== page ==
Russian Imperialism and the War on Ukraine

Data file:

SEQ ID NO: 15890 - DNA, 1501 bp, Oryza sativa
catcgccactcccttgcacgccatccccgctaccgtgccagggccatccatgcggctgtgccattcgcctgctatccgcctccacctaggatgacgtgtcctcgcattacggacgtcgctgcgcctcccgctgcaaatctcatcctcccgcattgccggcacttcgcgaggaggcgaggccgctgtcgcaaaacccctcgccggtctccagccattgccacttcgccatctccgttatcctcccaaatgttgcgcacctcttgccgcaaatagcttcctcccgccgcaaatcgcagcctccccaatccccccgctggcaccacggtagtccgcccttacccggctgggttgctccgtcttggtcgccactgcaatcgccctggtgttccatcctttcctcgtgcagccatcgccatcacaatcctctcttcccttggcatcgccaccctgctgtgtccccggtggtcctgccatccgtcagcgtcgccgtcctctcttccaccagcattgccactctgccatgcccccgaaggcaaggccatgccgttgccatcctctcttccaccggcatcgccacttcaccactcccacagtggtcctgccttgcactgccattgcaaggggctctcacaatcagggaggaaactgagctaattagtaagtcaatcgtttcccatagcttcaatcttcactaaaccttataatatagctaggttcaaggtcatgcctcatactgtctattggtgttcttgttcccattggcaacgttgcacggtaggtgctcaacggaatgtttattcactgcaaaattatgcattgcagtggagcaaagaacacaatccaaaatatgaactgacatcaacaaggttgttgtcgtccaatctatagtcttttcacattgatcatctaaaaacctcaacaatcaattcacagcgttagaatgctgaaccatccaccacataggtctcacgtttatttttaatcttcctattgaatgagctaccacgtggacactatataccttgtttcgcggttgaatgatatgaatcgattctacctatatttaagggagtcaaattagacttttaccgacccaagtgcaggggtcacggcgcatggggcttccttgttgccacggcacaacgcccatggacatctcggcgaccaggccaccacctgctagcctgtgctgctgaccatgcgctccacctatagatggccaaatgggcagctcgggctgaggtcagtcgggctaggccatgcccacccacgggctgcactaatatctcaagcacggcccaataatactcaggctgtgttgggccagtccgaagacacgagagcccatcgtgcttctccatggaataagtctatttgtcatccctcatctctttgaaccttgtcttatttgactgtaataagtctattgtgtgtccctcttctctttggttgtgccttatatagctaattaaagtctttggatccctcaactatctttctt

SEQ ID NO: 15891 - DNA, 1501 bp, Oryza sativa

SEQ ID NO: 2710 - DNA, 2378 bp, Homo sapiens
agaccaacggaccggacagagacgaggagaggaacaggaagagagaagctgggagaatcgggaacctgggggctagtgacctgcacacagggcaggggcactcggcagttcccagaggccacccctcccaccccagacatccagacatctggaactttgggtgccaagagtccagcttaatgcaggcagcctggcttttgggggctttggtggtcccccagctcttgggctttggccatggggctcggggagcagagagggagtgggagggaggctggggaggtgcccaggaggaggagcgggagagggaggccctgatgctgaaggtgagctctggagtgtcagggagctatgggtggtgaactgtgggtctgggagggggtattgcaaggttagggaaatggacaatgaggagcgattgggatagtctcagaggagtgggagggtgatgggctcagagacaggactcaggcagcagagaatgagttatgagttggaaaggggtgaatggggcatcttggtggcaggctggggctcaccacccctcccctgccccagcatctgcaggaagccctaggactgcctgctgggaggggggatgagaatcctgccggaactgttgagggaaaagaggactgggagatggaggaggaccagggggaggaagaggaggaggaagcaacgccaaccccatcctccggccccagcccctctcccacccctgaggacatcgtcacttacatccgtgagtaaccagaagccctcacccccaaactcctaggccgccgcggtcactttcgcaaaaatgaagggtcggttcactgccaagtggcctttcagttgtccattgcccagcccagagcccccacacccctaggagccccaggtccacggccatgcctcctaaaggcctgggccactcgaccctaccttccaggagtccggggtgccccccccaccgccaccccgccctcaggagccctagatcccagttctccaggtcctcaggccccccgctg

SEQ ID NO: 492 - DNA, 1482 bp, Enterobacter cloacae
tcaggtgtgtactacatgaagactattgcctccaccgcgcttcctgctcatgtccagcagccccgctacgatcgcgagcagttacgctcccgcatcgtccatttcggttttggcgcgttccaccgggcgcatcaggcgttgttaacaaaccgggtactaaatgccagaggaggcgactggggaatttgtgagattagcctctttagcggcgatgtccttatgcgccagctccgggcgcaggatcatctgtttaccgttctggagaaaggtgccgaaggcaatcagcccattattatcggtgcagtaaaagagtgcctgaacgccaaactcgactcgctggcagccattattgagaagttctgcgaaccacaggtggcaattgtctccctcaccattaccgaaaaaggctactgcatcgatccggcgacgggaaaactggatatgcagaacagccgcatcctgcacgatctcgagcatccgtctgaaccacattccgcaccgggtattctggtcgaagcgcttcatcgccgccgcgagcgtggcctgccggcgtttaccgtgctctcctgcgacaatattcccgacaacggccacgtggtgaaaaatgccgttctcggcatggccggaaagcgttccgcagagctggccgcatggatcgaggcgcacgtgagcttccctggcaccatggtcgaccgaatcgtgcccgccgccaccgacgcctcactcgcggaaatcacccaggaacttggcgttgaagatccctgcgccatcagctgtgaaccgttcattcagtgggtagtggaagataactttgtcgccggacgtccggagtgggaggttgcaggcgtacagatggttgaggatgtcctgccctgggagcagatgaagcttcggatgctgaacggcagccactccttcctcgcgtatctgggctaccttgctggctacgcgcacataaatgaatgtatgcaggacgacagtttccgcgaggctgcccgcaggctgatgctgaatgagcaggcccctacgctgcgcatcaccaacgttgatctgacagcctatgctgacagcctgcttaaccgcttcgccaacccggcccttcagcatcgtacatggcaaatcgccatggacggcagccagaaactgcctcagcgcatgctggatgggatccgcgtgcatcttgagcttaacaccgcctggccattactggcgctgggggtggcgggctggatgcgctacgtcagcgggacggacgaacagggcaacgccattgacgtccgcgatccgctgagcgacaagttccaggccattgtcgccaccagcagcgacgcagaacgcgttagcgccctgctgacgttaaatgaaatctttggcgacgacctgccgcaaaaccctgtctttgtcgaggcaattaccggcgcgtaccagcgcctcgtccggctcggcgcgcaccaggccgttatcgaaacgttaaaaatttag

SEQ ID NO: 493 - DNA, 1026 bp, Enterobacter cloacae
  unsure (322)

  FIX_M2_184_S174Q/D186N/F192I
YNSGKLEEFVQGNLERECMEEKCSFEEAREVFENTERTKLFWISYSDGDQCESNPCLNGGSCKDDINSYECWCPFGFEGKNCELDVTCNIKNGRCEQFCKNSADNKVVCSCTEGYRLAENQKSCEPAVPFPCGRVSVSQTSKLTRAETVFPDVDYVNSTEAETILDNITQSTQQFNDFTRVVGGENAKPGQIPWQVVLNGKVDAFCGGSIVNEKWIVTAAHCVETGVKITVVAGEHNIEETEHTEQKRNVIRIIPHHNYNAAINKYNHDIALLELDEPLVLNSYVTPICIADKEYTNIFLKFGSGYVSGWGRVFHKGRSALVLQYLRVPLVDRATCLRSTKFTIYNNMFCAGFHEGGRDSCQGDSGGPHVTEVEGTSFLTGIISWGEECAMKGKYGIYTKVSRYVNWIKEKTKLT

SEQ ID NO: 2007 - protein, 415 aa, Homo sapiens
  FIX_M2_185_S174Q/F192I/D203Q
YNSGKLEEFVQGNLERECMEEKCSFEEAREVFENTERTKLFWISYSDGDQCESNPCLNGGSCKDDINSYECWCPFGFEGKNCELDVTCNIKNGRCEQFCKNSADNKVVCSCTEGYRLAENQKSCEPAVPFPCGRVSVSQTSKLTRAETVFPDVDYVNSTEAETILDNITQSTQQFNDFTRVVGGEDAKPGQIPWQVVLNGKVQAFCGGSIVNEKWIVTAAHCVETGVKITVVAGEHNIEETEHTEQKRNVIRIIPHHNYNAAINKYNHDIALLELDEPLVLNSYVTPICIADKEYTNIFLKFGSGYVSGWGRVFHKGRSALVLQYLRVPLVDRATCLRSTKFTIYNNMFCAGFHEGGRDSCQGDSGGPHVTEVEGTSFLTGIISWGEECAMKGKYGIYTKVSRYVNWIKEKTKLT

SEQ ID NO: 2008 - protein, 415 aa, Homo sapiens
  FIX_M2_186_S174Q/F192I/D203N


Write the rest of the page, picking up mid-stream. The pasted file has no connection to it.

Commentary “This is a murder!” Ukraine’s President Volodymyr Zelenskyy showed Congress a two-minute video that made the heart-wrenching reality of Russia’s war on Ukraine inescapably plain for all to see. Ukraine is a sovereign, independent nation, recognized as such throughout the world and by the United Nations. Vladimir Putin invaded its neighbor and embarked on the largest, most brutal land war in Europe since World War II. Americans, fiercely at odds over other matters, are overwhelmingly united in support of Ukraine, though not for direct commitment of U.S. troops. There’s also a minority of Putin apologists in the United States who urge Ukraine to sue for peace through surrender. Western leaders who talk about giving Putin an “exit ramp”—allowing him to save face by acquiring Ukrainian territory and limiting its sovereignty as his reward for aggression—are not so different in practice. Sometimes it’s hard to tell whether an “antiwar” critique comes from the left or right, from the likes of the Democratic Socialists of America and Noam Chomsky or of Pat Buchanan and Tucker Carlson. Both positions reject as virtue signaling or war fever the unity and patriotic spirit that has for the moment united the rest of the country. They blame the war principally on America and the West, even though it was Russia that launched this war of aggression and regime change on its neighbor. This is also the view of some foreign policy experts, such as John Mearsheimer, Stephen Cohen, and Henry Kissinger. From this perspective, the neoconservative Republicans and liberal imperialist Democrats are much alike. They don’t understand the importance of national resentments or imperial aspirations of Russia or China and lead the United States repeatedly into losing wars. Those who nudged Ukraine toward membership of the EU and NATO were leading the country down the primrose path in a direction that wasn’t in anyone’s interest. They offered an illusion of freedom and security that the West couldn’t and wouldn’t assure. Encouraged by the West, in this blaming-the-victim view, Ukraine provoked a powerful Russia that considered Ukraine a part of its historic land. Empire and Nation Both Putin and Zelenskyy are sometimes called “nationalists.” But a Russian nationalist is not the same as a Ukrainian. The nationalism of Putin is imperial; it aims at restoring and building a Russian empire, one that’s vast, transcontinental, and includes many nations under the rule of a centralized Russian state. Ukrainian nationalists vary widely about what kind of independent and sovereign state Ukraine should be. Putin makes much of its neo-Nazi elements—though the country’s president is a Jew who lost family members to the Holocaust. Putin’s Western apologists emphasize that Ukraine is corrupt and undemocratic, as if Russia were not itself a corrupt authoritarian kleptocracy and as if we should only support the right of nations to self-determination if the nation’s leaders already meet our standards of liberal democracy. Russia had been a prison house of nations (as Lenin called it) under the Tsars and was so again under Stalin. It was not a nation but an empire. The Russian empire in its Cold War form disintegrated as the Gorbachev era ended in 1991. The Soviet Union itself and the Warsaw Pact—a Soviet-dominated counterweight to NATO involving the Soviet Union and Eastern Bloc countries—dissolved. The subsequent incorporation of many former Warsaw Pact countries and Soviet republics into NATO itself was a threat, in Putin’s view, to Russia itself. Putin sought at least to prevent further NATO encroachment on Russia’s “sphere of influence,” especially in the form of Ukraine’s becoming a member. Most Putin apologists emphasize this limited view of Putin’s aims as a response to NATO expansionism. But the “grand theory driving Putin to war,” professor of Russian history Jane Burbank argues, is a geopolitics of Eurasianism that turns away from the whole Atlantic world. Russians had always been an imperial people, in this view, expounded by Nikolai Trubotskoy in the 1920s and Aleksandr Dugin recently (pdf). World empire is the aim, a transcontinental superpower including many nations and religious confessions, but based on Eurasian geopolitics, Russian Orthodoxy, and traditional values. Ukraine is not a distinct nation in this view, with a right to self-determination in a world order of free and sovereign nation-states. The Russians and Ukrainians (or Little Russians) are one people. Ukrainian independence and sovereignty constitute a “huge danger to all of Eurasia,” as Burbank quotes Dugin as saying. Ukraine had to become “a purely administrative sector of the Russian centralized state.” Burbank concludes that “The goal, plainly, is empire. And the line will not be drawn at Ukraine.” When he heard that NATO had announced at its Bucharest summit in April 2008 that Georgia and Ukraine “will become members,” Putin reportedly flew into